Mann Hall, or Si Meng Hall, was built near the end of the Qing Dynasty (1644-1911) to commemorate preacher Arthur Mann, a graduate of Yale University and philosophy teacher at St John's who drowned in 1907 trying to save a Chinese friend. Students of the university donated money to build the building, while Yale made a commemorative bronze tablet for the hall.

The nearby Gezhi Building, a three-story brick-and-wood structure, was built in 1899. It once served as the laboratory building, among the first of its kind in China, with labs for chemistry, physics and medical lessons.

The Yizhuyuan, or Leaning on Bamboo Garden, one of the new attractions to open, is near the Taofen Building, an iconic structure named after journalist and publisher Zou Taofen (1895-1944), a graduate of St John's.

The building, originally titled Schereschewsky Hall to honor the founder of the university, was built in 1894 in traditional Chinese architectural style. The two-story building has a central courtyard and a clock tower. It was renamed after the legendary journalist in 1951.

The Xiezhi Garden is named after the mythical creature Xie Zhi, representing justice. The typical Chinese garden features bridges, bamboo, maple trees and stones.

The garden leads to the Huazheng Bridge, another attraction that connects the Changning and Putuo campuses of the university. The bridge was originally built in 1934 of wood and has been repeatedly rebuilt over the decades since. The current structure was built in 2001.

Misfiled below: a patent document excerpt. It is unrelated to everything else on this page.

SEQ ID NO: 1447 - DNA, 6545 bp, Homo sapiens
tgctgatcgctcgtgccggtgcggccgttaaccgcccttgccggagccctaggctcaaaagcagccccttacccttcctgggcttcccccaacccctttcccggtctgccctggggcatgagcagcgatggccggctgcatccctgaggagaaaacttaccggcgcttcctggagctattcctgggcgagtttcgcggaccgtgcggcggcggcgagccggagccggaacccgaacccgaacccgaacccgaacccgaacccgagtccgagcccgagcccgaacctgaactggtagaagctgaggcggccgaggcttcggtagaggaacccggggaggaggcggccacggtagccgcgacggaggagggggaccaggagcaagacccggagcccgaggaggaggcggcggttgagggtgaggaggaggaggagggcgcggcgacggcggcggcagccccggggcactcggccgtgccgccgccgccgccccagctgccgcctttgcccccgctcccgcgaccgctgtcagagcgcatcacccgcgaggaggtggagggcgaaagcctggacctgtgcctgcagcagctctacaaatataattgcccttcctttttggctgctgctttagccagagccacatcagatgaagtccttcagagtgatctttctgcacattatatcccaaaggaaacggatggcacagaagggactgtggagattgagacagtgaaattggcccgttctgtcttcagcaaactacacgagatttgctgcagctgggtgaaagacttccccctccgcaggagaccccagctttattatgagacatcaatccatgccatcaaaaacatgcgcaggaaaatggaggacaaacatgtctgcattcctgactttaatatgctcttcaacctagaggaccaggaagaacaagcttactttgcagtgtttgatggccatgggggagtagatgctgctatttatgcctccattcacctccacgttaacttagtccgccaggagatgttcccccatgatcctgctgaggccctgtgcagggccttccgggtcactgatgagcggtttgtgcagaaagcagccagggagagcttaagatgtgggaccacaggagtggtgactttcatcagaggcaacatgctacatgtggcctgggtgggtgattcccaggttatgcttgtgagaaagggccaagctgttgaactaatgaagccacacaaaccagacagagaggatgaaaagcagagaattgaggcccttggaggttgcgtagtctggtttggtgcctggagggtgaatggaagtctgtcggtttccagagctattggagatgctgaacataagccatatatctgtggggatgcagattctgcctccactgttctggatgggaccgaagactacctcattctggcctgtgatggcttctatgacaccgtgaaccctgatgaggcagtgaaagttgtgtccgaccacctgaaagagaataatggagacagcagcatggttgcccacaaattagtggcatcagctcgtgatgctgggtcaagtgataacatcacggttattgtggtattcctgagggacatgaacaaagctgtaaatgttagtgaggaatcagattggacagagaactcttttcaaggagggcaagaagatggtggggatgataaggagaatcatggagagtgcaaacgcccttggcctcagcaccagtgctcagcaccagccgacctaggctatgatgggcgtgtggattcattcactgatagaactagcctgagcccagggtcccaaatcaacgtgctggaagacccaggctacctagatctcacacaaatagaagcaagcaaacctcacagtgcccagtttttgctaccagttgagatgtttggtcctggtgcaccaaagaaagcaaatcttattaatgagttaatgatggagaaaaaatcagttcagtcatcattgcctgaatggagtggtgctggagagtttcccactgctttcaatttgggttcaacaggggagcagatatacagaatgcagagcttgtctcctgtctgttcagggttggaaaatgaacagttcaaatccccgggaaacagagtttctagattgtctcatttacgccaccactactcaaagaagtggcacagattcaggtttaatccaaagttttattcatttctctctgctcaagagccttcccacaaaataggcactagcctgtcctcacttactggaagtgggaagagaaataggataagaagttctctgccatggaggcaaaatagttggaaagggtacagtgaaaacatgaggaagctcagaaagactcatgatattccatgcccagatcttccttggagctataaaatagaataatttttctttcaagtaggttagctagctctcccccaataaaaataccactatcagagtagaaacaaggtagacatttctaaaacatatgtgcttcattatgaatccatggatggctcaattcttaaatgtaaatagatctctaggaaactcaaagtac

A 135-year-old gingko tree has been preserved during the renovation of the riverside region. Authorities have set up a protected zone around the tree during the renovation project to ensure its safety.

'Pearl of Suzhou Creek' evokes glory of city's oldest university
Jiang Xiaowei / SHINE

The Taofen building, or Schereschewsky Hall, along Suzhou Creek

A service station and café have been built along the new section as the last of the 10 attractions. Visitors can take a rest and enjoy the creekside scenery.

The section will be open free of charge between 7am and 9:30pm.

To make the riverside paths and flood walls harmonious with the historic buildings, senior masons and construction workers have been invited to build the waterfront amenities.

Some 80,000 ground tiles, for instance, have been made manually to restore the university's original ambiance. The flood walls were polished by senior workers to make them both beautiful and reliable during the city's flood season, he said.

St John's University was founded in 1879 and became China's first school with full English lessons in 1881. It was also the first modern religious college in the country. Five schools and an affiliated middle school were established by 1949.

Famous alumni of the university include diplomat Wellington Koo, influential writers Lin Yutang and Eileen Chang, then Chinese Vice President Rong Yiren and journalist and publisher Zou Taofen.

With the motto of "Light & Truth," the university was once the best in China and dubbed the "Oriental Harvard."

The university was disbanded in 1949, with different departments being allocated to other local universities, including Fudan, Tongji and Jiao Tong as well as the East China Normal University. The campus and the multiple historical buildings belong to the East China University of Political Science and Law.

'Pearl of Suzhou Creek' evokes glory of city's oldest university
Jiang Xiaowei / SHINE

A Jiangnan-style garden with a stone structure resembling the mythical creature Xie Zhi, representing justice.